Thank you for your wonderful follow-up letter.
During a recent dinner party this past Sunday several guests turned the discussion to personality testing, specifically Enneagrams. I’m not a psychological expert, but my understanding is that the Enneagram can be seen as a set distinct personality types, with each number of the Enneagram denoting a personality type. As with most, it is common to find a little of yourself in all nine of the types, although one specific type stands out as being closest to you. One Enneagram level is expressive, dramatic, self-absorbed, and temperamental. Supposedly, if one is of this level, that person believes they are special.
My ears perked up when one of the guests readily admitted she was “special.” Thinking about my past, the term “special,” has not been uncommon word in my life, for I’ve encountered many who’ve claimed they were truly special. And truthfully, they always thought they either were or are better than either someone else or everyone else. To highlight, I once heard a successful Aquinas Associate, book author and speaker say:
“I am the most interesting person I ever met.”
In April 2015, I penned “You Are Your Greatest Weakness.” Part of that blog is as follows:
“We all think we’re super important. Children are told how great they are. They aren’t. We aren’t. But what I’ve learned is that the road to character is built by confronting your own weakness. It is he who conquers his own soul that becomes greater than one who takes a city. The road to success means understanding personal weakness.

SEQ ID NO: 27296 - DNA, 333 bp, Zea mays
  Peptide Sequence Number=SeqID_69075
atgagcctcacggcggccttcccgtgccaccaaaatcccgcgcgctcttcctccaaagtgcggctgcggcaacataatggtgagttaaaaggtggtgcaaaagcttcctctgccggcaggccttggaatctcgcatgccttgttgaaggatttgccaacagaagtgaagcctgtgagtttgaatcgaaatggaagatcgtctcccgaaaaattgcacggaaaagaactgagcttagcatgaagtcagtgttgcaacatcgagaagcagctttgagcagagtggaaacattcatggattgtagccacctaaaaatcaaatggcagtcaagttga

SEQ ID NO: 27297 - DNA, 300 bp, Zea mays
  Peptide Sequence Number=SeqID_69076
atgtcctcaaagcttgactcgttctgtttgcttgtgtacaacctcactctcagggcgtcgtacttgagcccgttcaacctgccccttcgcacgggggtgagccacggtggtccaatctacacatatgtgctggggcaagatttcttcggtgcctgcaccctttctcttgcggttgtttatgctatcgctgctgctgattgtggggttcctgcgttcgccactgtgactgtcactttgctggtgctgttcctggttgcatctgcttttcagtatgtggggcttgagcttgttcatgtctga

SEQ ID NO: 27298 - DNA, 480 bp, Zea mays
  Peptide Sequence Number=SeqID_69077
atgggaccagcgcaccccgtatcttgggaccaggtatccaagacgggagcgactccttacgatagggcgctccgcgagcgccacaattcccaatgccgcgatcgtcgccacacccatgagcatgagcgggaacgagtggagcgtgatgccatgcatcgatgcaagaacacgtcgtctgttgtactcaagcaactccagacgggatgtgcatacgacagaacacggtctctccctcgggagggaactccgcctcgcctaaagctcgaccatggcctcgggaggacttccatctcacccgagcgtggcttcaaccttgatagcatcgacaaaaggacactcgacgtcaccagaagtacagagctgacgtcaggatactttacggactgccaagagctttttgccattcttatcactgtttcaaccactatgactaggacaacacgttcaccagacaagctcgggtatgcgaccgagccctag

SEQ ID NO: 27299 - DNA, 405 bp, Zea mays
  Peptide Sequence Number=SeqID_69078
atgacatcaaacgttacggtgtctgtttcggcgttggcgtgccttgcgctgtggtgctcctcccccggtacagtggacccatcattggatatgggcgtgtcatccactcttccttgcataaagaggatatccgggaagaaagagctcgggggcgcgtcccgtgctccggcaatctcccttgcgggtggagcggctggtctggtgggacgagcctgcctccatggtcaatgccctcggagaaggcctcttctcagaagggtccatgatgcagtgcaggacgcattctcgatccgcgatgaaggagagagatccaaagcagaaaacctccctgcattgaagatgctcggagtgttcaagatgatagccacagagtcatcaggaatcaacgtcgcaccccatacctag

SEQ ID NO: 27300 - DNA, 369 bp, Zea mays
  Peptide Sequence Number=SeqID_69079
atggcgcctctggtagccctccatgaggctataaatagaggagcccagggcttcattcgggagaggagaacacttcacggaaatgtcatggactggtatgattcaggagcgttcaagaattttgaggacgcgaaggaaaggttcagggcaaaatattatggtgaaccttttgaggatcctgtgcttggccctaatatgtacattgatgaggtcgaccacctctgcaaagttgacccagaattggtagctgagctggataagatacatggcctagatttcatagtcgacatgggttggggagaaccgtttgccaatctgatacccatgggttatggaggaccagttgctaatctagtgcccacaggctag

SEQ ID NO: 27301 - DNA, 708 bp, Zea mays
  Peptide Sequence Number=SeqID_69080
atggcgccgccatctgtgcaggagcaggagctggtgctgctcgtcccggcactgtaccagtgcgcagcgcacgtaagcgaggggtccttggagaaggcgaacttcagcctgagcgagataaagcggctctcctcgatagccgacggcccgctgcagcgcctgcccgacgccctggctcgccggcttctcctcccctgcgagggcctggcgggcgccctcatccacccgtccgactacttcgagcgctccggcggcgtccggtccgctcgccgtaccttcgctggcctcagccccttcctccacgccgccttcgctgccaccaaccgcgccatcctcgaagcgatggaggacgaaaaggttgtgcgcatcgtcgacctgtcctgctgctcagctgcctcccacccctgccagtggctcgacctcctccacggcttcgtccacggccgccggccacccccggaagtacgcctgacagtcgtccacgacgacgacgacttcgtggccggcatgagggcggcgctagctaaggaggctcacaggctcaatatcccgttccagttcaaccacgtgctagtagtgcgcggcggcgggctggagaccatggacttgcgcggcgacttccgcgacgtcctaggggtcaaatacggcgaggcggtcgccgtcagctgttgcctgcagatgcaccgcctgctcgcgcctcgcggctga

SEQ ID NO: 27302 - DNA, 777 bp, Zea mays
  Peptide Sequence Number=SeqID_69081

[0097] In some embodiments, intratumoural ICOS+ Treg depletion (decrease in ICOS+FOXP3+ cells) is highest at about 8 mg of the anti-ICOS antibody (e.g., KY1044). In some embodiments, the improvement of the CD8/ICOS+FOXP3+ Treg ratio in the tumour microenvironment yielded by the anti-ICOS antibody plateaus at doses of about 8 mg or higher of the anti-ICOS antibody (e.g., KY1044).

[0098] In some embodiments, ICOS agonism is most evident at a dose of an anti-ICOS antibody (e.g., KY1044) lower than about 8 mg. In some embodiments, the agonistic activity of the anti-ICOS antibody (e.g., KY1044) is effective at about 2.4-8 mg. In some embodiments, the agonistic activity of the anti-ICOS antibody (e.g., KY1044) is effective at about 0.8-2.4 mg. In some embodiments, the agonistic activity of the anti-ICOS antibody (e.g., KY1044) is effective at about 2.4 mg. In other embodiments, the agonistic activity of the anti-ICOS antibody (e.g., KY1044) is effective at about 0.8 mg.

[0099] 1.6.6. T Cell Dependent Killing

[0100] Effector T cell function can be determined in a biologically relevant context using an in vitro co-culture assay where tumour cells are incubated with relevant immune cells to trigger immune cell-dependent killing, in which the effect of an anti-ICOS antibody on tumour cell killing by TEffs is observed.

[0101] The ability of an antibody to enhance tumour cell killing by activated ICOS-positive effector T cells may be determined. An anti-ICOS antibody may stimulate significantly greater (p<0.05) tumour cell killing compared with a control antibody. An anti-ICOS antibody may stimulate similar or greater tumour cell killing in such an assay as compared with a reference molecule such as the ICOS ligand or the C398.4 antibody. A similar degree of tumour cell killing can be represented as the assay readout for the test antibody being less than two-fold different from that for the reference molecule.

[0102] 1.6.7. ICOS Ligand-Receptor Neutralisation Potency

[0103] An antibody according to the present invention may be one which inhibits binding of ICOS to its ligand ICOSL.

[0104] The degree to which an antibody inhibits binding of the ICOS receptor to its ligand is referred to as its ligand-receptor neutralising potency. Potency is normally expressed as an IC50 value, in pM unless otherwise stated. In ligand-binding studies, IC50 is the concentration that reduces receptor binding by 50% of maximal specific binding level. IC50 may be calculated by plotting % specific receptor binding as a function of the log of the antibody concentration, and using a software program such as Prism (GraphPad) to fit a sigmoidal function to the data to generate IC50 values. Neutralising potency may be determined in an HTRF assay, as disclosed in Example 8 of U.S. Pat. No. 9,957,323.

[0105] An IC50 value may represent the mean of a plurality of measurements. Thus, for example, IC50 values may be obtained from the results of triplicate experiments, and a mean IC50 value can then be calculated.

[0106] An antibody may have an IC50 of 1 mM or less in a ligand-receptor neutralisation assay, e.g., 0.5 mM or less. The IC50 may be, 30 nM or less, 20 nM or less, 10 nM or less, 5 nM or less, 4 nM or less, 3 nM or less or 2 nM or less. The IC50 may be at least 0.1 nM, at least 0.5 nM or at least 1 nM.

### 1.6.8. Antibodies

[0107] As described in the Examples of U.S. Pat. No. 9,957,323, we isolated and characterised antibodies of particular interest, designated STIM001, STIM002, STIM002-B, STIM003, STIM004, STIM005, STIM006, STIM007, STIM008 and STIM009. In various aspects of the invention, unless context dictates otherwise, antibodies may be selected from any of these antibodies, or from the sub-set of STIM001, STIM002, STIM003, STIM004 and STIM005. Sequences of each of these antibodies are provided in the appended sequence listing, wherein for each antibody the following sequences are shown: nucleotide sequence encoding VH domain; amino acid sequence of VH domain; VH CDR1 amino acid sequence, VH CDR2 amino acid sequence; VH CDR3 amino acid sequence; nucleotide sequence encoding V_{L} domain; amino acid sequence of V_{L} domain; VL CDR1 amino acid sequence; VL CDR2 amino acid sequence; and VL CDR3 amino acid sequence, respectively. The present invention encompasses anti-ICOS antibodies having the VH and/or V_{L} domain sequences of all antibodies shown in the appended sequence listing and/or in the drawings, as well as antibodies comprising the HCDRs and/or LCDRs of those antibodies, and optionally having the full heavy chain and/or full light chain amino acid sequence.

This key lesson begins with the process of opening one’s mind to the possibility that one does not know what one thought they knew – that one may not really understand what one thought they really understood.”
Nearly three years later, I perceive myself as remarkably average, that there are a lot more interesting people than myself – far too many to name. As such, when someone asks “How do I create an interesting worthwhile and special life” I find no better prose than George Bernard Shaw:
“This is the true joy in life, the being used for a purpose recognized by yourself as a mighty one; the being a force of nature instead of a feverish, selfish little clod of ailments and grievances complaining that the world will not devote itself to making you happy.”
L&H, the key caveat of Shaw’s quote is “… being used for a purpose recognized by yourself as a mighty one …” If you recognize you are being used for a mighty purpose, then you have reached the level of all great social movements wanted to achieve. It is the same level of inner acceptance Christ, Buddha, Martin Luther King, Ghandi, Nelson Mandela and so many others hoped all would achieve.
I believe the youth of this world will generate a great purpose. Each of you are special. However, ensure your purpose is a purpose recognized by yourself as a mighty one. If achieved, then you will become the force to which mortal men only dream.
Categories: Life Lessons